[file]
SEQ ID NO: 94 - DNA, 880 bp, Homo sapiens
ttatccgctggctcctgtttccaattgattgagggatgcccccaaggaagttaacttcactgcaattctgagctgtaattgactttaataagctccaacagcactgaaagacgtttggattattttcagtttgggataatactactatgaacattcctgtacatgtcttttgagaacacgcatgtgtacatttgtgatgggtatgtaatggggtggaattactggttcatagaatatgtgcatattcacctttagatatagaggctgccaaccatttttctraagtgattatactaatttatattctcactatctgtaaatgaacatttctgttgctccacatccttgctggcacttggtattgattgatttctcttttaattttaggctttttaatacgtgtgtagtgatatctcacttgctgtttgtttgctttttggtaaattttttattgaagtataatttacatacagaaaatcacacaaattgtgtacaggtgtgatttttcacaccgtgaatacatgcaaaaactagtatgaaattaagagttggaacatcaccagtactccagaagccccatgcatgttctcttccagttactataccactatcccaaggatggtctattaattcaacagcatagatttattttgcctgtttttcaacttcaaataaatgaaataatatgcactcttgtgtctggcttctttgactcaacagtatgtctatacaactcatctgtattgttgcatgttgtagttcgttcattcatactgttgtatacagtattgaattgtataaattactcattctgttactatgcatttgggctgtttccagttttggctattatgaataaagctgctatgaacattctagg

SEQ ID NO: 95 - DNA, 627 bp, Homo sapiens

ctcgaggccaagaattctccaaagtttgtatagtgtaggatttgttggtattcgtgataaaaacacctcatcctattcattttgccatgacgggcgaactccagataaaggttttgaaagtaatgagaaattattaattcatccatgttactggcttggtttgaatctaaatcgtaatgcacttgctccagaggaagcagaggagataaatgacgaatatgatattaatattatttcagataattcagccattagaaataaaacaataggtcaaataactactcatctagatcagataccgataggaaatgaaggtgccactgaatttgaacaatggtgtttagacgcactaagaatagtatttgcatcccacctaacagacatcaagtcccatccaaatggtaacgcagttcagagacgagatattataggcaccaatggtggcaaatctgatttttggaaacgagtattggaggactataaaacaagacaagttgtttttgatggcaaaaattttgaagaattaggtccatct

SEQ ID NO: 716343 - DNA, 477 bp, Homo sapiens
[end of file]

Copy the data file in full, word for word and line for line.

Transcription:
SEQ ID NO: 94 - DNA, 880 bp, Homo sapiens
ttatccgctggctcctgtttccaattgattgagggatgcccccaaggaagttaacttcactgcaattctgagctgtaattgactttaataagctccaacagcactgaaagacgtttggattattttcagtttgggataatactactatgaacattcctgtacatgtcttttgagaacacgcatgtgtacatttgtgatgggtatgtaatggggtggaattactggttcatagaatatgtgcatattcacctttagatatagaggctgccaaccatttttctraagtgattatactaatttatattctcactatctgtaaatgaacatttctgttgctccacatccttgctggcacttggtattgattgatttctcttttaattttaggctttttaatacgtgtgtagtgatatctcacttgctgtttgtttgctttttggtaaattttttattgaagtataatttacatacagaaaatcacacaaattgtgtacaggtgtgatttttcacaccgtgaatacatgcaaaaactagtatgaaattaagagttggaacatcaccagtactccagaagccccatgcatgttctcttccagttactataccactatcccaaggatggtctattaattcaacagcatagatttattttgcctgtttttcaacttcaaataaatgaaataatatgcactcttgtgtctggcttctttgactcaacagtatgtctatacaactcatctgtattgttgcatgttgtagttcgttcattcatactgttgtatacagtattgaattgtataaattactcattctgttactatgcatttgggctgtttccagttttggctattatgaataaagctgctatgaacattctagg

SEQ ID NO: 95 - DNA, 627 bp, Homo sapiens

ctcgaggccaagaattctccaaagtttgtatagtgtaggatttgttggtattcgtgataaaaacacctcatcctattcattttgccatgacgggcgaactccagataaaggttttgaaagtaatgagaaattattaattcatccatgttactggcttggtttgaatctaaatcgtaatgcacttgctccagaggaagcagaggagataaatgacgaatatgatattaatattatttcagataattcagccattagaaataaaacaataggtcaaataactactcatctagatcagataccgataggaaatgaaggtgccactgaatttgaacaatggtgtttagacgcactaagaatagtatttgcatcccacctaacagacatcaagtcccatccaaatggtaacgcagttcagagacgagatattataggcaccaatggtggcaaatctgatttttggaaacgagtattggaggactataaaacaagacaagttgtttttgatggcaaaaattttgaagaattaggtccatct

SEQ ID NO: 716343 - DNA, 477 bp, Homo sapiens